- Biden overruled calls from two Cabinet officials to extend the US troop presence in Afghanistan, according to a new book.
- The secretary of state and defense secretary thought prolonging the withdrawal could give the US leverage in negotiations.
- The Biden administration has faced bipartisan criticism over its handling of the withdrawal.
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President Joe Biden overruled calls from Secretary of Defense Lloyd Austin and Secretary of State Antony Blinken to extend the US troop presence in Afghanistan, according to a new book obtained by CNN.
Austin believed that carrying out the withdrawal in three or four stages would help give the US an advantage in diplomatic negotiations, according to the book, “Peril,” by journalists Bob Woodward and Robert Costa.
Meanwhile, after meeting with NATO ministers in March, Blinken had a change of heart on withdrawing all US troops from Afghanistan.
“Previously, [Blinken] had been foursquare with Biden for a full withdrawal,” Costa and Woodward wrote, per CNN. “His new recommendation was to extend the mission with US troops for a while to see if it could yield a political settlement. Buy time for negotiations.” Other NATO members supported this approach.
But Biden was adamant when it came to fully withdrawing.
“Our mission is to stop Afghanistan from being a base for attacking the homeland and US allies by al Qaeda or other terrorist groups, not to deliver a death blow to the Taliban,” Biden said during one of over two dozen National Security Council meetings on the matter, per the book.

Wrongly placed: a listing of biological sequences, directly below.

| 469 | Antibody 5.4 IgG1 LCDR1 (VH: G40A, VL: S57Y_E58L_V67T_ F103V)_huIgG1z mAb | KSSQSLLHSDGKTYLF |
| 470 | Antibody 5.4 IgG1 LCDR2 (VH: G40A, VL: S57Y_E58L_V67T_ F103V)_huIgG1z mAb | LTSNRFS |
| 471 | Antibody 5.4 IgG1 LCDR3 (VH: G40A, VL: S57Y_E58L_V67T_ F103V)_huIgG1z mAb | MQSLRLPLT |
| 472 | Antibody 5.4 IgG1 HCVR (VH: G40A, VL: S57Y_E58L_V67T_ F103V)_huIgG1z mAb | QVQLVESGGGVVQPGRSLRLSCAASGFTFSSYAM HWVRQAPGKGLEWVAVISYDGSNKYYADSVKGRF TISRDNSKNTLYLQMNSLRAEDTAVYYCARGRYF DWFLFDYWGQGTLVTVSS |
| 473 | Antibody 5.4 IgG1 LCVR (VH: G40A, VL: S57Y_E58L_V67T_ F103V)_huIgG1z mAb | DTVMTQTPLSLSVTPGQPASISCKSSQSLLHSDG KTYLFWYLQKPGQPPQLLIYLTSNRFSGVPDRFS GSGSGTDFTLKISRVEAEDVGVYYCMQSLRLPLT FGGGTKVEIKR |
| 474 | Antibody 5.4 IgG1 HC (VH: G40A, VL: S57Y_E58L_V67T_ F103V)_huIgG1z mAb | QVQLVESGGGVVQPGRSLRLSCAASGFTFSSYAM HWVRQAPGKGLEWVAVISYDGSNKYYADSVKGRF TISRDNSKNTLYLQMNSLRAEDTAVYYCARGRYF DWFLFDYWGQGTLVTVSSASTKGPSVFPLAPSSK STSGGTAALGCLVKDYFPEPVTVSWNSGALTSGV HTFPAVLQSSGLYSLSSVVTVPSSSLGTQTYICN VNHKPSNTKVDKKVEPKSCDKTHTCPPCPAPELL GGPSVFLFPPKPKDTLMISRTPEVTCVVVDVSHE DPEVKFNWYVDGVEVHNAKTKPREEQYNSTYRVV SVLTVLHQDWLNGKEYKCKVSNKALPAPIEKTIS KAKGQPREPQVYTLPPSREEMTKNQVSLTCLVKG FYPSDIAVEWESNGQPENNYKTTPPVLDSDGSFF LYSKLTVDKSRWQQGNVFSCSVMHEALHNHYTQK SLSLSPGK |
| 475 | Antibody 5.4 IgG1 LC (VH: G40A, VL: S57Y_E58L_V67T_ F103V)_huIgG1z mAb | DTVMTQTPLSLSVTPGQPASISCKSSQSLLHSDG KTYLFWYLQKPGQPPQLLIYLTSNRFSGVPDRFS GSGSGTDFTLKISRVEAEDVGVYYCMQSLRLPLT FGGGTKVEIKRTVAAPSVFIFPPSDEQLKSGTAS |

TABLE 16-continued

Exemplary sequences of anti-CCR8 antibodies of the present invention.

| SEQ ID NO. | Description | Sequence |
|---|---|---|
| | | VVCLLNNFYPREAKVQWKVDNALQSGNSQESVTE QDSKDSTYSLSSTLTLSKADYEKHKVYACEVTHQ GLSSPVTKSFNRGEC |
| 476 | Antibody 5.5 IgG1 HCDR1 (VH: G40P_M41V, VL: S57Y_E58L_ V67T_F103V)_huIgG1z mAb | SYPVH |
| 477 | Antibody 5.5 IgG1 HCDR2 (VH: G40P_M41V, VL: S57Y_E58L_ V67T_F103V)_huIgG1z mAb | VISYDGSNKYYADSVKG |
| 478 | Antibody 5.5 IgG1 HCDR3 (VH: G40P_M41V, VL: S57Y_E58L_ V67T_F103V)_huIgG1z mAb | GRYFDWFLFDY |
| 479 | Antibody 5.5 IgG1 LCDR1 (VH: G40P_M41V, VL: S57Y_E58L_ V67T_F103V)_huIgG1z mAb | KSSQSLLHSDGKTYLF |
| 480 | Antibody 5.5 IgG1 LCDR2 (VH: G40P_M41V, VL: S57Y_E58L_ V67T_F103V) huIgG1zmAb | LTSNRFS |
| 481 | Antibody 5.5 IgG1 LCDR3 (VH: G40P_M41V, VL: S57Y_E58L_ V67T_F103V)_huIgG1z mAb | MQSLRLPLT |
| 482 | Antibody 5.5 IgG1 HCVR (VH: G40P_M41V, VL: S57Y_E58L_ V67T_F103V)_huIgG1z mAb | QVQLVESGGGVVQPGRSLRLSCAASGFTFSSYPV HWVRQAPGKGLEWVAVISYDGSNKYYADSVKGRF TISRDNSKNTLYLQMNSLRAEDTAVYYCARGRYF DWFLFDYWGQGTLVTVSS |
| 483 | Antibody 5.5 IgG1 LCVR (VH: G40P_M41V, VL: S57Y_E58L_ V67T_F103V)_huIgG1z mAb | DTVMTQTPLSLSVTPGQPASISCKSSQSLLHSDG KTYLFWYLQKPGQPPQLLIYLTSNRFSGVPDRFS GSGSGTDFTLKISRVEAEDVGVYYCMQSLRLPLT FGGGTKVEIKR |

The Pentagon, State Department, and White House did not immediately respond to requests for comment from Insider.
The US completed the withdrawal of all troops from Afghanistan at the end of August. The pullout coincided with the Taliban regaining control of the country, as well as a deadly ISIS-K attack outside of the Kabul airport that killed 13 US service members and 169 Afghans.
The Biden administration has fervently defended the withdraw in the face of bipartisan criticism.
Though the new book suggests Blinken was urged by other NATO members to prolong the US troop presence in Afghanistan, the top US diplomat this week told congressional lawmakers that NATO allies “immediately and unanimously embraced” Biden’s plan for the withdrawal when he announced it in April.
Fellow NATO members like the UK have been heavily critical of the withdrawal, despite Blinken’s assertions in testimony to Congress.